Like it is possible that every single day, my subjective experience is one of me throwing at least one mini fit about something completely insignificant. You know, like there are days that you don't wanna get outta bed and you don't wanna work out. Like all of those things are still part of my day-to-day life.
You know, the days when you snap at the wrong person. Certainly the days when I'm not the father I want to be. So I'm far from calling myself some kind of liberated mean that walks around without foibles, without having to. With the flesh. Right. And, and, and the kind of our humanity. But I can also tell you with confidence that I just, I just had a birthday less than a month ago and that it was my, my best birthday yet.
And that it wasn't because I had the best party. Cause I didn't even have a party this year, which I usually had to throw a big party for my birthday and it was quite private. I was offline, you know, I was in my beloved. , it's to get to your question. I I'm gonna, I'm gonna get to it. . I like the distinction between states and stages.
So, so a, so a state is like when we go into medicine space, we enter the state and then the state goes away, right? And. When you dance, you can get into a state or you know, like there's just, okay, there's flow states that last for like a long time. A flow says that just last for a bit. Or, or like just we come in a outta states stages are different in that they're developmental, they have a sequence sort of, you know, they have an, and they can't be undone.
So like speaking like God, no words, God, God, some words putting sentences together. If you are anybody, anywhere like me, like you never stop talking, right? And like that's, that's, that's a, that's a sequence and that can't be undone. And so what, what I'm trying to say, Pascal, is that if we engage the spiritual path, which for many of us includes medicine with seriousness, joy, with serious, and some rigor in the context of community.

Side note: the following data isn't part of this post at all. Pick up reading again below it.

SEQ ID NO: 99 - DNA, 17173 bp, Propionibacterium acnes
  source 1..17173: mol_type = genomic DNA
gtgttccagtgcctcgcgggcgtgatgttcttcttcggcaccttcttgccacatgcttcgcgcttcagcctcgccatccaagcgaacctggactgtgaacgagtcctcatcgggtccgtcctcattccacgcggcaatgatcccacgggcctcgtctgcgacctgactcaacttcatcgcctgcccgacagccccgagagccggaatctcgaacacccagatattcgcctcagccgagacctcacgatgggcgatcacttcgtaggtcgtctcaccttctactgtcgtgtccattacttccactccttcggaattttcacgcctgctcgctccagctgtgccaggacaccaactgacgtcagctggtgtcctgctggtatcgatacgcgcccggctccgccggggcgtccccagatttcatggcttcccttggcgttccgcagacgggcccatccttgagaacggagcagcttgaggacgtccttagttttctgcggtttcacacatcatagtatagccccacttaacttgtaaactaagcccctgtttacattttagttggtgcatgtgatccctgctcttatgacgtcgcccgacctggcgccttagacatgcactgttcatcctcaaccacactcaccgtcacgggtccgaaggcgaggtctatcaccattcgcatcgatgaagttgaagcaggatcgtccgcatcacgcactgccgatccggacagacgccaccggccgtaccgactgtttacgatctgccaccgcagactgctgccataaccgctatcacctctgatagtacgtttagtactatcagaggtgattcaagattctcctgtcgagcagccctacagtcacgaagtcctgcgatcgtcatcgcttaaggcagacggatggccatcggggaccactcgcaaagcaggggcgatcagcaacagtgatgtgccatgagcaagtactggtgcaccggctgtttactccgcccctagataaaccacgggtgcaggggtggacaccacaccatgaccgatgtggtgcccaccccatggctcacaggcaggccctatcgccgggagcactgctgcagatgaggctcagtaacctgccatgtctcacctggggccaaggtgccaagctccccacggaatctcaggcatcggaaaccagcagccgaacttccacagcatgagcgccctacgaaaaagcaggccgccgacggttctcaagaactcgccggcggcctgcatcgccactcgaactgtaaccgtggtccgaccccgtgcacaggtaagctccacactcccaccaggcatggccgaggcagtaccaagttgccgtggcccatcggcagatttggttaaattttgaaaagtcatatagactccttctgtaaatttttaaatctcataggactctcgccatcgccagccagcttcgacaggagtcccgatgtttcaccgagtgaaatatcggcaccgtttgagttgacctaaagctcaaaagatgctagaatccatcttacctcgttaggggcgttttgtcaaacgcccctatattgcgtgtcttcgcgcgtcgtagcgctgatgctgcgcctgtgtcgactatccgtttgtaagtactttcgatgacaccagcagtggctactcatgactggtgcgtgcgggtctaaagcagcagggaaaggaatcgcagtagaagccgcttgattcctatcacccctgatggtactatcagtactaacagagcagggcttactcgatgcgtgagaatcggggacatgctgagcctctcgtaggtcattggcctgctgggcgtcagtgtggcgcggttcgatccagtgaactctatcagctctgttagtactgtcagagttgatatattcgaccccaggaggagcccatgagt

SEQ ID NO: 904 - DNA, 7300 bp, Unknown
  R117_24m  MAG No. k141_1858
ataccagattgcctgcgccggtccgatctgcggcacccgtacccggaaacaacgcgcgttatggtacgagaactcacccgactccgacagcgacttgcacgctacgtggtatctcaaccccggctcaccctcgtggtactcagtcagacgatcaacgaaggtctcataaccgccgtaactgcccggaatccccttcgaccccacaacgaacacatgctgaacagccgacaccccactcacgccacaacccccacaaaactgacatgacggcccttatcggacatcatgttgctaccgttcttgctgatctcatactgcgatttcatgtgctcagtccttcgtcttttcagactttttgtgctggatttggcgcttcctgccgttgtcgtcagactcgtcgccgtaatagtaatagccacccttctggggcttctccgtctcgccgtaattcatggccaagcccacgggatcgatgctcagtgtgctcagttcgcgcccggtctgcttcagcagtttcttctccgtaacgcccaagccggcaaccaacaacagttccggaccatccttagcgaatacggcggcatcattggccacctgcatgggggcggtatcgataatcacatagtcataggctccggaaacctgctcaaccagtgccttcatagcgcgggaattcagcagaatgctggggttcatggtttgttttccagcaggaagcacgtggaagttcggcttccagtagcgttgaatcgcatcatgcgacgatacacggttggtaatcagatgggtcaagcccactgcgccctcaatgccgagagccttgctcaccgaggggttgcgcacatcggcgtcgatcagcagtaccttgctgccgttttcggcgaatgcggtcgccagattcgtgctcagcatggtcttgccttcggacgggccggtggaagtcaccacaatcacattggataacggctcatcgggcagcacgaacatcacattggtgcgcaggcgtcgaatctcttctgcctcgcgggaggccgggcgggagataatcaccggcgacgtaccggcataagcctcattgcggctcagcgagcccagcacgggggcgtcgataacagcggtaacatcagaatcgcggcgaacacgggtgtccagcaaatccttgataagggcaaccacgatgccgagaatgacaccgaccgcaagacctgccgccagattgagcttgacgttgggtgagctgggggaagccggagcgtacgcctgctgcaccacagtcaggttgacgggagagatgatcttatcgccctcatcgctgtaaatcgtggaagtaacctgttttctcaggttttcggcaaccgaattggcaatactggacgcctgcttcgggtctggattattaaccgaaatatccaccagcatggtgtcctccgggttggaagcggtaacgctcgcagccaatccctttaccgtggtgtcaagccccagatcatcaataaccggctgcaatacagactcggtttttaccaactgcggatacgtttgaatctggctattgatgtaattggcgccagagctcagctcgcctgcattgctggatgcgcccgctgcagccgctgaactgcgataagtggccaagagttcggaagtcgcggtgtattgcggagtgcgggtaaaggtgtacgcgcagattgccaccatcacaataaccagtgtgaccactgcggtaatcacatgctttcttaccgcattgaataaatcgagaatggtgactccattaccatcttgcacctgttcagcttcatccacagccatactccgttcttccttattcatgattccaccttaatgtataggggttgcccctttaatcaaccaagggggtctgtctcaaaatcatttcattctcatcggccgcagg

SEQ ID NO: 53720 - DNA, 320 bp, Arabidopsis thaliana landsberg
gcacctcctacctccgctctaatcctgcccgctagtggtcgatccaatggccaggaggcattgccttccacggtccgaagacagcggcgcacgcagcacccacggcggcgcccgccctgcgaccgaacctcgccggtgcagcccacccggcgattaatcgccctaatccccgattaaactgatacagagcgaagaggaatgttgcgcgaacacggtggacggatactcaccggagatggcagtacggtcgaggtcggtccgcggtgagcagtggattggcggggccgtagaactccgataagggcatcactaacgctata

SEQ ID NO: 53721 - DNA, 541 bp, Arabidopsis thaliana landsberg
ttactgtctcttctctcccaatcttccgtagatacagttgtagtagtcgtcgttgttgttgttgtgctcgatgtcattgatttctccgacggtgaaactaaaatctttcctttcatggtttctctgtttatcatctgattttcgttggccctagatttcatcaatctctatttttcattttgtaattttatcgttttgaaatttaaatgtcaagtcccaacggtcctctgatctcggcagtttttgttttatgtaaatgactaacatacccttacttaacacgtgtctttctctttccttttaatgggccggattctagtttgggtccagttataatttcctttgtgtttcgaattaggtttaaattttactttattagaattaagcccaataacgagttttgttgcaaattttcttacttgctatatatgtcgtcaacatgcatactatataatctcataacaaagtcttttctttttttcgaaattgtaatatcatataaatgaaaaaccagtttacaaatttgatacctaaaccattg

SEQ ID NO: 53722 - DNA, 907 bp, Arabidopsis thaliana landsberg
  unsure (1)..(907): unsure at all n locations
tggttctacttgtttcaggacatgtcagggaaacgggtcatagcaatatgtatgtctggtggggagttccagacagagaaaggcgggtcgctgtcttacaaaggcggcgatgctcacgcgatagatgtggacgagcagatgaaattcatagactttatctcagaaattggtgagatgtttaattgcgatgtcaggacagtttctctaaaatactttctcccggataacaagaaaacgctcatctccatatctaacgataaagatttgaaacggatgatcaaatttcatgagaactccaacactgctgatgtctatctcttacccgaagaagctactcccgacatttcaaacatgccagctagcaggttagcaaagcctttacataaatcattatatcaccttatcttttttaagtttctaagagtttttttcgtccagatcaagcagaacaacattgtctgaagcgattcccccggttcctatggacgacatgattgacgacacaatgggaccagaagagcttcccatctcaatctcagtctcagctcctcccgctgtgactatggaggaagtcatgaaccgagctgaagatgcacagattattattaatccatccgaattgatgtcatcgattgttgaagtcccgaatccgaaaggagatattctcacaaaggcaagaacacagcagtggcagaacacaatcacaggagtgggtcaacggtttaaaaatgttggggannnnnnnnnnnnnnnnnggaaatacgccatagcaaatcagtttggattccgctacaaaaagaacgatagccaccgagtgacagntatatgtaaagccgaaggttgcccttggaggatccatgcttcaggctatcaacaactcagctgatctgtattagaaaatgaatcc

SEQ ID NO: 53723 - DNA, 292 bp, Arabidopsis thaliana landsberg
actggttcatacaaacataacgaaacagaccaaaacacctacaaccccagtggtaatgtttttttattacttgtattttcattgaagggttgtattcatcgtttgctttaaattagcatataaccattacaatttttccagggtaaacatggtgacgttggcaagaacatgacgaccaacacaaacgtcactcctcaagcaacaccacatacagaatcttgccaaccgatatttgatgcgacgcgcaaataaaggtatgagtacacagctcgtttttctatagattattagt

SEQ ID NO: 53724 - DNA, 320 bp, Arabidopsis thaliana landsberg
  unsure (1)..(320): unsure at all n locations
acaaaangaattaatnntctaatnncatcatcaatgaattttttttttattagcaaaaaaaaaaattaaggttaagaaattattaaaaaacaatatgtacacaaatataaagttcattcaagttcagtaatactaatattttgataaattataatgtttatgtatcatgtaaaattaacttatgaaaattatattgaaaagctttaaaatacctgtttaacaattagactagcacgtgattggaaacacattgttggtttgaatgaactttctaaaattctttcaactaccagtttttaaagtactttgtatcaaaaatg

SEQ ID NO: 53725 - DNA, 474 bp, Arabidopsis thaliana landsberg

Understanding that integration in between the peak experiences is as important as the experiences themselves. We actually grow at the level of stages of development. Like we, we, we get to apl, we get to places where it can't. Some of what you see and have come to know can no longer be taken. And I feel like there is something to what has been given to me by grace, not exclusively in medicine, but through like the spiritual paths in general that can no longer be undone.
Right? There is a, there is an irrefutable faith. There is a no, a, a lack of belief in death, which is not to say, , I be find fine if a dear one dies, or, or that I'm gonna like happily jump into, into my end. But like there's something fundamental in me that knows it doesn't exist, right? And those things give us a kind of freedom.
And it also helps us, those hope, those people do, who are listening, who are guides, you know, who are aspiring to be guides.
when you're holding somebody in their healing, when you have that kind of unshakable understanding of the inherent goodness in, in, in, in, in a life and a world that can be so tragic, that's the medicine, you know, that you bring to this ceremony. .
[00:26:40] Pascal: Mm-hmm. . Beautiful. I love the, an analogy between states and stages.
Yeah. And what came up to you while you were sharing was that. You know, as we go through the different stages, there's a certain, I think, perspective of the medicine space where it's sort of like an end point at some point. And so my question to you is like, what stage are you in now? And, and. And what's next for you?
Do you think about that? Sometimes? Mm-hmm. ?
[00:27:15] Gibrán Rivera: Well, I think, I definitely think there's no end which is different from the med. Whether the medicine space has an end or not. I can't tell you my, I am open to one day medicine saying enough, or saying even less, you know what I mean? Like, do like visit me on.
No one a year or whatever it might be. I don't know what medicine will say. I can tell you that we should all be thinking of it as.
Maybe that's not true. I think it should taper. I think I like, I, I, I, I don't know that the math is perfect, but I do like Jamie Wheel's contention that there is a par that I like the, the Perreta principle applies where like, you get so much in like 20% of your early engagement, right? And then you cannot get lost in the idea that like you can, you're going to linearly keep growing at that same.